Senate Commerce panel unveils cybersecurity bill

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The draft bill would task the National Institute of Standards and Technology (NIST), a Commerce Department agency, with developing voluntary cybersecurity standards and best practices for critical infrastructure, such as banks and power plants. 

The legislation also aims to improve cybersecurity research, education and public awareness.

A sticking point last year for Senate Republicans was a provision in the cybersecurity bill that would have given the Department of Homeland Security the authority to enforce mandatory cybersecurity standards for critical infrastructure. Backers of the legislation, including Rockefeller, argued the mandatory standards were necessary to protect vital systems from hackers, but critics considered them harmful overregulation.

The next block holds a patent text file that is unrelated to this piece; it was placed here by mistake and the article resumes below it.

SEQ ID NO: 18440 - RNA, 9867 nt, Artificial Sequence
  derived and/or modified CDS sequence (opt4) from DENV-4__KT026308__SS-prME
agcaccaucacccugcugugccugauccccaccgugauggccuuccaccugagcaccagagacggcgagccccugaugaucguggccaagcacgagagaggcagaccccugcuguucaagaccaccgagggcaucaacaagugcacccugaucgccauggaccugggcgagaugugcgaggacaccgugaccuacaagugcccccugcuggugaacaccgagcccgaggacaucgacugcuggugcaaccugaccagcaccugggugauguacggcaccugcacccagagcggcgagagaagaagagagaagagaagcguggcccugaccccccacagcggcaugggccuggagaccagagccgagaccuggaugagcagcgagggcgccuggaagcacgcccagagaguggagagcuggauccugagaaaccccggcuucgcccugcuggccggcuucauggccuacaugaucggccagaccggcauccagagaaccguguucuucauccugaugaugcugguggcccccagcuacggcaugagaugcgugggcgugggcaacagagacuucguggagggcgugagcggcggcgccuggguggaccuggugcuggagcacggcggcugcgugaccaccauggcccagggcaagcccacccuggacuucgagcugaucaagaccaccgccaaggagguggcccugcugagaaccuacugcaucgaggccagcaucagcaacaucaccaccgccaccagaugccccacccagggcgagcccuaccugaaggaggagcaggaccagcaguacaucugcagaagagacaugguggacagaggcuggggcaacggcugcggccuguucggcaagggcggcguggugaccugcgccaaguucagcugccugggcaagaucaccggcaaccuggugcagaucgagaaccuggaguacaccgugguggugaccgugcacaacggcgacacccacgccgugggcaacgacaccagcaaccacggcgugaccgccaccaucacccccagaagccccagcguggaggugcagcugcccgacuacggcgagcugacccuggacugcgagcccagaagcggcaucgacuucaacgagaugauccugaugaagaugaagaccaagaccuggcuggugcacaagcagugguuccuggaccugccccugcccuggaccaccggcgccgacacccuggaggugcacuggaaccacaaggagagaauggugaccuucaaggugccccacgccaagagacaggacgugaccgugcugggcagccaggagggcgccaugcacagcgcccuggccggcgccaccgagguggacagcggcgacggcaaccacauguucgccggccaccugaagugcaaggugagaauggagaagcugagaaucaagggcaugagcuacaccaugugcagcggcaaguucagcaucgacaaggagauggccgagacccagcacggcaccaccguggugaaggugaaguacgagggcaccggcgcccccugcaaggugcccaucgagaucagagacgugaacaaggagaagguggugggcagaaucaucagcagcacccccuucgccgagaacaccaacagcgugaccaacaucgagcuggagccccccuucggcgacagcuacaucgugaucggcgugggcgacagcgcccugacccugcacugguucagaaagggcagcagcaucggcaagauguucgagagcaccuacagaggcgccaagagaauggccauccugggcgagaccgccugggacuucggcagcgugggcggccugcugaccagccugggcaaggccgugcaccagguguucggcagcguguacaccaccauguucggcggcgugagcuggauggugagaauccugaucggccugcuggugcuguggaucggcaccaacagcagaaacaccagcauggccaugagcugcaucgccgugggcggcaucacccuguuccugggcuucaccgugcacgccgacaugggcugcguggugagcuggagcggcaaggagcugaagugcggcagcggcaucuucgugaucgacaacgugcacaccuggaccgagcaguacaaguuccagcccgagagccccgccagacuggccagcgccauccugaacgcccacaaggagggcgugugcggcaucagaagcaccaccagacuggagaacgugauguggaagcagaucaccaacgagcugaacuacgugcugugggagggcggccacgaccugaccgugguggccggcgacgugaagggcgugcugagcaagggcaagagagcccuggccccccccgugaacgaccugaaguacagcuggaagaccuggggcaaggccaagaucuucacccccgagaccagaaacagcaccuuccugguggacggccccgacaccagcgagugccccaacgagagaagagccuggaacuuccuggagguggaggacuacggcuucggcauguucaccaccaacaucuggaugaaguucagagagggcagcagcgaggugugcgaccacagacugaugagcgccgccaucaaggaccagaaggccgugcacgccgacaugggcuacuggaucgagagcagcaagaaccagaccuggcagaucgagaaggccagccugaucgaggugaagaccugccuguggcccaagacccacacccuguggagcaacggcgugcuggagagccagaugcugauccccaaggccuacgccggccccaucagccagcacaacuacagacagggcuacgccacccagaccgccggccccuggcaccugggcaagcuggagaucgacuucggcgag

Revisions last year to make the standards voluntary failed to win over the bill's opponents.

The Senate is expected to work on several separate cybersecurity bills this Congress through the normal committee process, as opposed to the single comprehensive bill that was brought directly to the Senate floor last term.

Rockefeller would support legislation to improve information sharing between the government and private sector on cybersecurity, the committee aide said. But that issue would likely be handled by the Senate Intelligence Committee.

Earlier this year, the House passed its own cybersecurity bill, the Cyber Intelligence Sharing and Protection Act (CISPA), which focused only on information sharing and did not include any security standards.